Average Rating: 4.3/10
Reviews Counted: 31
Fresh: 6 | Rotten: 25
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Critic Reviews: 3
Fresh: 0 | Rotten: 3
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Colin Firth and Cameron Diaz headline this remake of the 1966 crime caper directed by Michael Hoffman (The Last Station) and written by Joel and Ethan Coen. A British thief (Firth) discovers that no plan is infallible when he recruits a beautiful woman (Diaz) to help him steal a priceless statue from an impossibly wealthy widower (Alan Rickman). Despite the fact that his pretty accomplice bears an uncanny resemblance to his affluent target's late wife, things quickly spin out of control once the
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Even with a script by the Coen brothers, and a classy international cast led by Colin Firth, this contemporary London caper movie falls far short of its potential even as a lightweight comic romp.
The right level of farce, tasteful nudity and general shenanigans for the film to not outstay its welcome, while admittedly not lingering long in the memory.
It's a fair comedy that's inoffensive and evocative of a different era, filled with enough eccentricity and sharp delivery to embrace as pleasant nonsense from two screenwriters exceptionally skilled with such buffoonery.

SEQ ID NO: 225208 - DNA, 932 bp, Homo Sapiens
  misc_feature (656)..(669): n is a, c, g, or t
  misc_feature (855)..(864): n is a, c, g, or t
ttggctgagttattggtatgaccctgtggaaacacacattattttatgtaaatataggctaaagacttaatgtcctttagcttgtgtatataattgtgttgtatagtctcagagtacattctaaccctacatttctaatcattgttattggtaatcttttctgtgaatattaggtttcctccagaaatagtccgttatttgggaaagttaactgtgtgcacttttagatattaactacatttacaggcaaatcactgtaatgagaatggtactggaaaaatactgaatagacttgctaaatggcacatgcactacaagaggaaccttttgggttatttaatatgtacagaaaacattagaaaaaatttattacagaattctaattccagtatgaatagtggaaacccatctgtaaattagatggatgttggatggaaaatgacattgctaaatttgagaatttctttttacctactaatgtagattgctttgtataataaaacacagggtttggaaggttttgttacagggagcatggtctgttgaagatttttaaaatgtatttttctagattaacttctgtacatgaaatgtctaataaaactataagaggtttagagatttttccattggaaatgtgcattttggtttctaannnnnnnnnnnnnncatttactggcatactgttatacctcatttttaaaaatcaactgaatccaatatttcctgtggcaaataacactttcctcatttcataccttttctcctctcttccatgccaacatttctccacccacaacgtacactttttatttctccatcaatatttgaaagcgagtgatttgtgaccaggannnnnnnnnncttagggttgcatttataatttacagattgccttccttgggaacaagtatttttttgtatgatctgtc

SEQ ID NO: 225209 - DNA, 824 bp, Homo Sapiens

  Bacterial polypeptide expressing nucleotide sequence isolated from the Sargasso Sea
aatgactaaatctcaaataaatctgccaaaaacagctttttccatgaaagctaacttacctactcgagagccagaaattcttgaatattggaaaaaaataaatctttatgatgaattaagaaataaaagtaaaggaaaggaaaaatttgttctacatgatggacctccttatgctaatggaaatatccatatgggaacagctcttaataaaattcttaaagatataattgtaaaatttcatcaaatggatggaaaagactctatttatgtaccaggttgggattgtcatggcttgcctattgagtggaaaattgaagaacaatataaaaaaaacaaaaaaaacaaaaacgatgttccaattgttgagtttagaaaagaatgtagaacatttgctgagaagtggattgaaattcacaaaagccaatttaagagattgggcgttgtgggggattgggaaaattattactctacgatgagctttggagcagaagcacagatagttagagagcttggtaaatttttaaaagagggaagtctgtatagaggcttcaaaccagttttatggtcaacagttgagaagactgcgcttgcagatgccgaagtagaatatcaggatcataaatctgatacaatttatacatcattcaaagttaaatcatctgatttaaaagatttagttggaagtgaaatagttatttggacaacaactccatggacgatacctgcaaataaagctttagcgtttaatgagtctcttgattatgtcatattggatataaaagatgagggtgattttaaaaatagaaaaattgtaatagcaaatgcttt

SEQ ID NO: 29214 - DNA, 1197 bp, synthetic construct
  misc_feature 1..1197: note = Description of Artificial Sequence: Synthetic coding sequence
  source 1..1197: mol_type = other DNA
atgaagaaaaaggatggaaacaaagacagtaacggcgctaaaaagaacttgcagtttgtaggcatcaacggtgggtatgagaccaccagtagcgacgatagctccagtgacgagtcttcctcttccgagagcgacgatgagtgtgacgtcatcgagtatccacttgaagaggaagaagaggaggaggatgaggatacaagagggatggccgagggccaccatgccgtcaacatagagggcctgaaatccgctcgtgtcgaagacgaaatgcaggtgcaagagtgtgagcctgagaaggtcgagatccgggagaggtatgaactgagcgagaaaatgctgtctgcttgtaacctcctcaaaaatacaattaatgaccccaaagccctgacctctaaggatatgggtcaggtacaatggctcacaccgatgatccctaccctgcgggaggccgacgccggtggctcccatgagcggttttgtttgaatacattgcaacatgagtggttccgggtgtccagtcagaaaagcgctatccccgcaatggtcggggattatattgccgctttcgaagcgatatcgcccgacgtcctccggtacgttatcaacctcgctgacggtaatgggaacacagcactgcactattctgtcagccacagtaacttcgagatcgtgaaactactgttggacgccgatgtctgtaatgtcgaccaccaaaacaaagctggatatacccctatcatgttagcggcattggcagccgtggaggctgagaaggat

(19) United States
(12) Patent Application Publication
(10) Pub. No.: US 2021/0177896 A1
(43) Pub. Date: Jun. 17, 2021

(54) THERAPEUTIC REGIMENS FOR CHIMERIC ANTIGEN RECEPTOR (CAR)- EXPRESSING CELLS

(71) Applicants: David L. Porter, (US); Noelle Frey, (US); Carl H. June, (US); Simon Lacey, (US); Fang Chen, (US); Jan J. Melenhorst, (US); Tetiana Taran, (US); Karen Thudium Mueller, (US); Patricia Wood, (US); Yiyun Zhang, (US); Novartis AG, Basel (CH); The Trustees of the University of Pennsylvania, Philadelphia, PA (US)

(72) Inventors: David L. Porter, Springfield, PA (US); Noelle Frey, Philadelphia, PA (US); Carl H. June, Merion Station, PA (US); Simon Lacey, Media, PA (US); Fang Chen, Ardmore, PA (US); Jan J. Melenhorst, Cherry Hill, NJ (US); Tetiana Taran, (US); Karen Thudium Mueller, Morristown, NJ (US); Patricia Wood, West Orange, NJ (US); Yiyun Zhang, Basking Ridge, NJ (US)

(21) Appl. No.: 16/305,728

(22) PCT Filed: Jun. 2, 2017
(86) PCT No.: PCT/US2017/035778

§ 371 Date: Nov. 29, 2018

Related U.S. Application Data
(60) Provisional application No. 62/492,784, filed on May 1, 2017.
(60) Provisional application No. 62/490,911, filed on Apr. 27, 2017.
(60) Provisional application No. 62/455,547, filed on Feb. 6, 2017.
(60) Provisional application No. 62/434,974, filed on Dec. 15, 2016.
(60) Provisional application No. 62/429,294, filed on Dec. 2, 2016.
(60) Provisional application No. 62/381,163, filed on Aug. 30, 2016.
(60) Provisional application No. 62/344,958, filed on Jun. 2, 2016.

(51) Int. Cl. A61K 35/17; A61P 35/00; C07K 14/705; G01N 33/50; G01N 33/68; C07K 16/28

Remade from a 1966 romp starring Michael Caine and Shirley MacLaine, this con artist action-comedy is enjoyably silly but never much more than that.
Given the quality of the film, we must assume that these Coens are no relation to the siblings who make films that rarely encourage you to poke out your eyes with rusty scissors.
In spite of its strong cast and decent premise, something feels slightly off with Gambit.
Diaz's smile lights up the screen, though her role struggles to be as much as one-dimensional.
You'll smile a few times and the cast work hard but interest and goodwill fizzles out.
Against odds the film is sometimes funny, bandying its dated tropes like a badge of pride.
Firth is nicely self-effacing and there are a few laughs to be had, but they are stunningly cheap.
It's all very dull and pedestrian, with very little tension or laughs.
Disappointing caper comedy remake that never quite sparks to life, thanks to a lacklustre script, half-hearted performances, a lack of chemistry between the two leads and precious little in the way of actual laughs.
Gambit's a mixed bowl of nuts, all told, but if there's nothing in it that raises so much as a chuckle, you may need chuckling practice.
I marveled at how old-fashioned [the humor] is, like it was dusted off from the late 1960s and rushed out for us in the hopes we wouldn't notice its mustiness...
Everything about Gambit screams unfinished. Which is a shame, because on paper it could have been the hilarious new hit comedy caper we (and the marketing team) all wish it was.
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Latest News on Gambit
February 2, 2011:Cameron Diaz Joins Colin Firth in Gambit
Cameron Diaz will star opposite Colin Firth in the Coen brothers' upcoming remake of the 1966 heist...